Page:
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Assemblyman
Brian M. Kolb
Assembly District 131
 
January: Too Far Away
September 12, 2005

The state Legislature is not due back in Albany until January, but there are too many issues of importance to New York residents to wait that long. The Senate has plans to call for a special session before the year ends, but there is no word from the Assembly majority.

Many issues left unresolved at the end of the 2005 session must be acted on before the new year. My Assembly minority colleagues and I are ready and willing to return and work diligently to resolve them.

Suspending the state sales tax on gasoline is the most time-sensitive issue facing New York. We’ve seen gas prices raise drastically in the aftermath of Hurricane Katrina. There is legislation, of which I am a co-sponsor, calling for the temporary suspension of the gas tax through March 31, 2006.

Civil confinement, a cornerstone of the Assembly minority agenda and an issue I have been adamantly lobbying for, has been continually ignored and passed over by Assembly majority. Our children, who depend on us as parents, grandparents and guardians, are much too important for this legislation not to be passed.

Workers’ compensation reform is yet another issue that has been ignored by the Assembly majority, yet is absolutely vital to the revitalization of New York as a business powerhouse. By reforming workers’ compensation, we can make it easier for businesses to move into and expand in New York, thus creating better, high-quality jobs.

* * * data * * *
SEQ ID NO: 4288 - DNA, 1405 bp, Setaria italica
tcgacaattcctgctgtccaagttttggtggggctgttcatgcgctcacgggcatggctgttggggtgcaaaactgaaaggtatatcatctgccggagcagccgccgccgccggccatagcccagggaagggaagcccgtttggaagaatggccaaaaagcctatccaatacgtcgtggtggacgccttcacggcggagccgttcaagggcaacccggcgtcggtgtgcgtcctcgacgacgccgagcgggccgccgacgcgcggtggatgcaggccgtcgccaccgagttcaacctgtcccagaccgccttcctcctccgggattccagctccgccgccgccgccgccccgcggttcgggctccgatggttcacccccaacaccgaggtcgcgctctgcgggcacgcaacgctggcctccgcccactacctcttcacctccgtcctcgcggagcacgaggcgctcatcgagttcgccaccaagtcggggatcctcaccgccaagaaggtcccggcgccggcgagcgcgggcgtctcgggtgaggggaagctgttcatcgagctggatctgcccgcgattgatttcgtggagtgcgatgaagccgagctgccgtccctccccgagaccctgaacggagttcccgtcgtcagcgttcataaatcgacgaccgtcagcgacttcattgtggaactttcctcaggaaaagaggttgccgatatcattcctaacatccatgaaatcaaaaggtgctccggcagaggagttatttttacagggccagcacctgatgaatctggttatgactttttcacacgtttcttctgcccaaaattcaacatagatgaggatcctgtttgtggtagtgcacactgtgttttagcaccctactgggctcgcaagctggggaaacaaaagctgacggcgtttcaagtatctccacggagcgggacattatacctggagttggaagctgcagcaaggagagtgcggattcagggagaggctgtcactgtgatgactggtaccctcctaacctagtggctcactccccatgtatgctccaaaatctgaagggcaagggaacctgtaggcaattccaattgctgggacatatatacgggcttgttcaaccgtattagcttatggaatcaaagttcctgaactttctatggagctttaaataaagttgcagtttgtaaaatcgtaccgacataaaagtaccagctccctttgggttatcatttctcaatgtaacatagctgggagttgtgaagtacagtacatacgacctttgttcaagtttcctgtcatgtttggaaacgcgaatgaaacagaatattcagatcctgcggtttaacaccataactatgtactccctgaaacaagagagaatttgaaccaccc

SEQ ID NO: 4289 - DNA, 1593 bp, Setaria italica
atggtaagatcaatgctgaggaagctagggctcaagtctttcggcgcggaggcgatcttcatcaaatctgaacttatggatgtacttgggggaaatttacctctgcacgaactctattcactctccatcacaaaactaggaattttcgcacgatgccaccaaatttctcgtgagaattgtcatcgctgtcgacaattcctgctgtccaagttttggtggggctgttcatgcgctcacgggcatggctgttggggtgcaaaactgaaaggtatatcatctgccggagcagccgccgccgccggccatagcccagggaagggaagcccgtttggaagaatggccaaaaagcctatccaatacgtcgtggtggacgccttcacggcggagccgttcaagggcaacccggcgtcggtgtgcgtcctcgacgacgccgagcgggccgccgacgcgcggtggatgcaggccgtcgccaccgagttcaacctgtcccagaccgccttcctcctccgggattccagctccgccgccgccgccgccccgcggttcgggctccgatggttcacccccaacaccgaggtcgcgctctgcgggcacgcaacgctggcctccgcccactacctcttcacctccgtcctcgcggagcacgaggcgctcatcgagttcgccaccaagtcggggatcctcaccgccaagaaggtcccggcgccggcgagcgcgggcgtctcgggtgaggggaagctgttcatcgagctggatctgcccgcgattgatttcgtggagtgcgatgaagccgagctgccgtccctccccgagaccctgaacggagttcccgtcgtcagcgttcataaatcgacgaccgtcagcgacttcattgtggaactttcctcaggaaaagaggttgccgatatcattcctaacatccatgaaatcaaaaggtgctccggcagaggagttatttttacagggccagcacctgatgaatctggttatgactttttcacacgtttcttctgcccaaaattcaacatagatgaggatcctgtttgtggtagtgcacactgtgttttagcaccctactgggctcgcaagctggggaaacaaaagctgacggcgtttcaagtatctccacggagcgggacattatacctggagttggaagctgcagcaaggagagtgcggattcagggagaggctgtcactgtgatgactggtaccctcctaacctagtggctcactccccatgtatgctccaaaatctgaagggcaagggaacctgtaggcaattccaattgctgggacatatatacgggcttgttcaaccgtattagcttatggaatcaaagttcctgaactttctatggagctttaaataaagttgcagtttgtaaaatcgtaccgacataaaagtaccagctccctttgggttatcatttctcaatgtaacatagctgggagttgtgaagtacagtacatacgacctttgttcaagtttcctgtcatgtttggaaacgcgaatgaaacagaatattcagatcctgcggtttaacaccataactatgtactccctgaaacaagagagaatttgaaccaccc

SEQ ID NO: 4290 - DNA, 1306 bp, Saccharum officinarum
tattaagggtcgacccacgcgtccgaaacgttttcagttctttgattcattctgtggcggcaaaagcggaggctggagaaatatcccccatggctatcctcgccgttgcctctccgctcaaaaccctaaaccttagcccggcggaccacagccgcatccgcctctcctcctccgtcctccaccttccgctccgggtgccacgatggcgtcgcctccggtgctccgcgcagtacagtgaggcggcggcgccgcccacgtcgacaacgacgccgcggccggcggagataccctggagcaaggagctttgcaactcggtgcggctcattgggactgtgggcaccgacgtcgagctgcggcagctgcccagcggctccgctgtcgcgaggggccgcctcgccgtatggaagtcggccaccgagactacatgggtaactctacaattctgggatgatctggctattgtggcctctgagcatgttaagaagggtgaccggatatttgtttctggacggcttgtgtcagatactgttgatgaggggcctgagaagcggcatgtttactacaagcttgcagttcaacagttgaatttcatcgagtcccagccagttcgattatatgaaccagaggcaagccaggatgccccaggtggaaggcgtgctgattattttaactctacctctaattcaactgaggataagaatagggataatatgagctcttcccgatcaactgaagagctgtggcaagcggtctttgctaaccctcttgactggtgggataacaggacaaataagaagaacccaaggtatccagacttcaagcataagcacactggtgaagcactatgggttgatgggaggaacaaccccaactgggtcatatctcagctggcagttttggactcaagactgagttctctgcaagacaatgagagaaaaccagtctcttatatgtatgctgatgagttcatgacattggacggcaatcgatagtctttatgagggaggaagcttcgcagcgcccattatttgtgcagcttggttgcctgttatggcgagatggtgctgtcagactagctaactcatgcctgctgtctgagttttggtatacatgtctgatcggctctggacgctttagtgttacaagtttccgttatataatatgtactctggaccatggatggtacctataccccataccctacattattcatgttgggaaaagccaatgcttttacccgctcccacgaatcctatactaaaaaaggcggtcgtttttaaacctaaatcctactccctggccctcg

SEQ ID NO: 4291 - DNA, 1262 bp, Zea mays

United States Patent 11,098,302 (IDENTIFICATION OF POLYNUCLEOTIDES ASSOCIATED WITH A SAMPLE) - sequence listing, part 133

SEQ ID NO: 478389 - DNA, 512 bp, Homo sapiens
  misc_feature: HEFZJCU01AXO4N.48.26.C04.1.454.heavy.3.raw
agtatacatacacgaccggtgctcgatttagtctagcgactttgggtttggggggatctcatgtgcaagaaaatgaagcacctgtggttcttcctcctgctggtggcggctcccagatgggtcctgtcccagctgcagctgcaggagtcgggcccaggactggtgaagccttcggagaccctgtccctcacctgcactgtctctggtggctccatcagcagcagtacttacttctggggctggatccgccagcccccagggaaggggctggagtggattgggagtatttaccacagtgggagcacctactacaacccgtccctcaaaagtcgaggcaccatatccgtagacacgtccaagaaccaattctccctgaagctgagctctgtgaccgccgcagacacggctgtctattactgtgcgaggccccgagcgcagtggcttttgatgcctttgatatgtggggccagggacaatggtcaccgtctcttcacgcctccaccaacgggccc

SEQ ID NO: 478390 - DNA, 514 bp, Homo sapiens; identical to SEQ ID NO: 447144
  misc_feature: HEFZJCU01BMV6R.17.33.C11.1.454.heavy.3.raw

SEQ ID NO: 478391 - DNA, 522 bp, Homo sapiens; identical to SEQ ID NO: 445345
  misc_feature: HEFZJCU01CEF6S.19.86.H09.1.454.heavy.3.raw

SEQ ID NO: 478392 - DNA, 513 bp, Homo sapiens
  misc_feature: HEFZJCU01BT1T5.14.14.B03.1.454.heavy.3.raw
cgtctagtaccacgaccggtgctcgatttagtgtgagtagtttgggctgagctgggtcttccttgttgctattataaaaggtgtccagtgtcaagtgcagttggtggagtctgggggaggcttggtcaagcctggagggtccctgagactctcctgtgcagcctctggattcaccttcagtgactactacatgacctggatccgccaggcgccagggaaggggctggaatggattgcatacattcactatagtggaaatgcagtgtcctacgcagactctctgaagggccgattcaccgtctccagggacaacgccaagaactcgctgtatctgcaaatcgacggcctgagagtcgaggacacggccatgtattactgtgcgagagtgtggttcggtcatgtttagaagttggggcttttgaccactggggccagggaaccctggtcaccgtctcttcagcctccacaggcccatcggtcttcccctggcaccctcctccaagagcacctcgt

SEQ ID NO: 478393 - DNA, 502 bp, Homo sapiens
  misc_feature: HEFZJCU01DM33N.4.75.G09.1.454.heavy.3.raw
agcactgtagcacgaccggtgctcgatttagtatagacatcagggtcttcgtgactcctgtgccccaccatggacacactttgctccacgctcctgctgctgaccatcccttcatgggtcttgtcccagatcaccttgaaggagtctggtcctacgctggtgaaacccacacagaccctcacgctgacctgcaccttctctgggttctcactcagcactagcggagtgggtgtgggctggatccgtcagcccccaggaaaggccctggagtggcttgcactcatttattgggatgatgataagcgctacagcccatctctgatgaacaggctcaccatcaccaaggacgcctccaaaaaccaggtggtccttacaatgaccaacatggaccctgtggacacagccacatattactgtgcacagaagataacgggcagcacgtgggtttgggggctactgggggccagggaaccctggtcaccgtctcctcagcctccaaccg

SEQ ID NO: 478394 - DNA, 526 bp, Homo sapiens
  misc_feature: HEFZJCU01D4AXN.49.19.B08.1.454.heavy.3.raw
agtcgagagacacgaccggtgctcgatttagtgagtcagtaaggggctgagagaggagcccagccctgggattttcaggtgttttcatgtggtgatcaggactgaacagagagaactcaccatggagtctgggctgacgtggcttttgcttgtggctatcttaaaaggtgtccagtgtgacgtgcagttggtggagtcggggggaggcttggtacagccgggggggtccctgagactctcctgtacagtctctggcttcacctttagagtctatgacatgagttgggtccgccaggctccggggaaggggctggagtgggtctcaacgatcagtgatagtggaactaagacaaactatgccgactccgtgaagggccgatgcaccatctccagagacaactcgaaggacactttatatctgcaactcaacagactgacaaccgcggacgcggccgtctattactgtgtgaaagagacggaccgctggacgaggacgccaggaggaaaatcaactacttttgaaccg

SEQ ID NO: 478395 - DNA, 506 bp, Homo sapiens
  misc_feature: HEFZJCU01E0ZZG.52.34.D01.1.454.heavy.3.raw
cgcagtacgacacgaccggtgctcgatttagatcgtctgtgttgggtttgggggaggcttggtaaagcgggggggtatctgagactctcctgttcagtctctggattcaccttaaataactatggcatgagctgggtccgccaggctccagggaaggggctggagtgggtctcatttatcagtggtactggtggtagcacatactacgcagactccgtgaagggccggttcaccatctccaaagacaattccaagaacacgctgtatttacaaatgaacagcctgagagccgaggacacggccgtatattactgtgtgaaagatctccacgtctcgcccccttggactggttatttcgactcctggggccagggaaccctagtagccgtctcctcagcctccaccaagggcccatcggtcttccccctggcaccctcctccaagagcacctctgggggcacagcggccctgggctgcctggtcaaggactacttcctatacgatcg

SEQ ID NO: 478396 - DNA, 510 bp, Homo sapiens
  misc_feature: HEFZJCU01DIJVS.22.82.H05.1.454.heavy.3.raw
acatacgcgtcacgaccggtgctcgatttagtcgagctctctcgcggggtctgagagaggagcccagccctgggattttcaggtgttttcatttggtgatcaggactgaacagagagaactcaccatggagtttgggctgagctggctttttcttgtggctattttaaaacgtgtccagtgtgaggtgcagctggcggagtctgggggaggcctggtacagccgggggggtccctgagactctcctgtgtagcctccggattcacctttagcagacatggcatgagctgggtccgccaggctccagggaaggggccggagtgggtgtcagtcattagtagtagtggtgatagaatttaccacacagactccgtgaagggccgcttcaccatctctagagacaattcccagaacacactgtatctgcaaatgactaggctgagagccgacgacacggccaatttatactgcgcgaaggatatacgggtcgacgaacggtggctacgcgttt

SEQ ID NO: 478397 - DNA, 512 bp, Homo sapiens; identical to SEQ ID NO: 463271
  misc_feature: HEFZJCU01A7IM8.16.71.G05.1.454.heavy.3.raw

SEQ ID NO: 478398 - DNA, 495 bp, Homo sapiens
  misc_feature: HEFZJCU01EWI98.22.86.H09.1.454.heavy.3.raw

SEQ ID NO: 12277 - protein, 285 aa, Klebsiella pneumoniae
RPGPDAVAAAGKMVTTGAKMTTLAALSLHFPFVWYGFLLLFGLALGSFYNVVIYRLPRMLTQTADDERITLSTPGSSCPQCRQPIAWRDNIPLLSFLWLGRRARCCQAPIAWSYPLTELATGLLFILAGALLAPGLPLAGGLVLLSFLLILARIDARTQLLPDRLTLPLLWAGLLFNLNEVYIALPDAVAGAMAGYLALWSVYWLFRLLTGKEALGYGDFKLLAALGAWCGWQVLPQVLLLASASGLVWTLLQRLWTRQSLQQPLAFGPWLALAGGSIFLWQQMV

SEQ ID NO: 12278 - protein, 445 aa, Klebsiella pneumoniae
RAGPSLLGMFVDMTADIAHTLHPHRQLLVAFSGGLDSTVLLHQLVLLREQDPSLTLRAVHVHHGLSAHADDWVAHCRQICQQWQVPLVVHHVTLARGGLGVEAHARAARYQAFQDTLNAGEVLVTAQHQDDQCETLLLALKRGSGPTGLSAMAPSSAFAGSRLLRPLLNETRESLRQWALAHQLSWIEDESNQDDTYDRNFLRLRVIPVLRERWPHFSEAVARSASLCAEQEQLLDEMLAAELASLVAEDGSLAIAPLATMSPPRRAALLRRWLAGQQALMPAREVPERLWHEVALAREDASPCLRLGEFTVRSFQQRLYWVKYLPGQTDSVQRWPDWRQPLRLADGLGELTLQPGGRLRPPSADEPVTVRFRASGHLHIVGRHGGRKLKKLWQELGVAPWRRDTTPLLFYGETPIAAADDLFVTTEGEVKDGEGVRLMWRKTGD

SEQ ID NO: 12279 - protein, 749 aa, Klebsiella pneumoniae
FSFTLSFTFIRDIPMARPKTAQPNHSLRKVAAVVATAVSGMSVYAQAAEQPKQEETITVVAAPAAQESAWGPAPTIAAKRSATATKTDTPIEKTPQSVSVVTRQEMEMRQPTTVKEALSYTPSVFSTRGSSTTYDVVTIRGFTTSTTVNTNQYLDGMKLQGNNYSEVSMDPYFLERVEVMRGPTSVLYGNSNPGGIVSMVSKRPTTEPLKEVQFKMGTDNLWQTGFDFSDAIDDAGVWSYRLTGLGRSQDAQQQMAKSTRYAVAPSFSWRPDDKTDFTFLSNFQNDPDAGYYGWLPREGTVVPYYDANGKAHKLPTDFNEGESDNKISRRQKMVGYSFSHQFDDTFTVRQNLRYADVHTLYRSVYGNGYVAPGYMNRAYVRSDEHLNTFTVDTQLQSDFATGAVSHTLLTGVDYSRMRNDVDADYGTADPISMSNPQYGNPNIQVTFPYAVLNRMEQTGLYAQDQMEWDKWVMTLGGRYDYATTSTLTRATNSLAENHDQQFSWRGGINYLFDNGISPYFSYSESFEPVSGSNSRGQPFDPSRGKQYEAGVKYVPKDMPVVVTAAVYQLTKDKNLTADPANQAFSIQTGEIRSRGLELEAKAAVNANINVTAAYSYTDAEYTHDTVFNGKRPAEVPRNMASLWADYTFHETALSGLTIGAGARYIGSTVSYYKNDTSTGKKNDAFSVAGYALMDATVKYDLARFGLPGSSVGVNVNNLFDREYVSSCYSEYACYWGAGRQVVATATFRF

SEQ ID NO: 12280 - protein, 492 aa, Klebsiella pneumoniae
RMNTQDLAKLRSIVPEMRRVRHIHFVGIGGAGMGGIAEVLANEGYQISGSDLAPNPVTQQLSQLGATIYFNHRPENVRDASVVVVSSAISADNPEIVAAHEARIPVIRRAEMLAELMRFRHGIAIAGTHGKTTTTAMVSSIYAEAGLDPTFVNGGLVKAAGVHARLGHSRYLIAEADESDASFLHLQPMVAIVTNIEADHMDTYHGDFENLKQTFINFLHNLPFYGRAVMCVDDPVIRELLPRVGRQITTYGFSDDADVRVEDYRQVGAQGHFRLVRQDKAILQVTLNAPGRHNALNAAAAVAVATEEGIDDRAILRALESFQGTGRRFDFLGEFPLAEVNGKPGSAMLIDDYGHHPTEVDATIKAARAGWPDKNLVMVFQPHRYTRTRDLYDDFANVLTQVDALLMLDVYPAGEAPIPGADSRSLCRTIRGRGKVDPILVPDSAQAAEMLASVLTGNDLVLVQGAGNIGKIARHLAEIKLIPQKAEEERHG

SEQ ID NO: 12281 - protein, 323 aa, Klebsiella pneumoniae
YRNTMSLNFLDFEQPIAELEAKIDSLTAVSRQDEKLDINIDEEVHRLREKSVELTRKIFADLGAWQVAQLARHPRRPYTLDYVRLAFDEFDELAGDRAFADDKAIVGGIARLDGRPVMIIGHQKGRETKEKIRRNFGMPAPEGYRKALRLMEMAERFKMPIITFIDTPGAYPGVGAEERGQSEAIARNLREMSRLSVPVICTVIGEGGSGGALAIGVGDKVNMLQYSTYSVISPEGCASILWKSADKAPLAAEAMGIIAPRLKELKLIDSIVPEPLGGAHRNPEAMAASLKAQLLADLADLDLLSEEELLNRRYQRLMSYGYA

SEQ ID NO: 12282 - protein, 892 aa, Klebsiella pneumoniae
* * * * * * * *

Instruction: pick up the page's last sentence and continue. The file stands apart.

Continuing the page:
Education funding has been on the Legislature’s plate for too long. We managed to go through yet another session without coming to any conclusion on this matter. It is not an option of whether there will be school funding increases; the courts have decided that already. Unfortunately the meetings between the governor and leaders from the state’s houses have come to no avail. I believe we, as the entire Legislature, can solve this issue once and for all – but not if we don’t meet.

There are too many issues that are being delayed and will be affected if the Legislature does not take action before 2005 ends. Join me in calling on the Assembly majority conference, led by Speaker Sheldon Silver, to call a special session so we can do our jobs, so that we can make a better New York.

 
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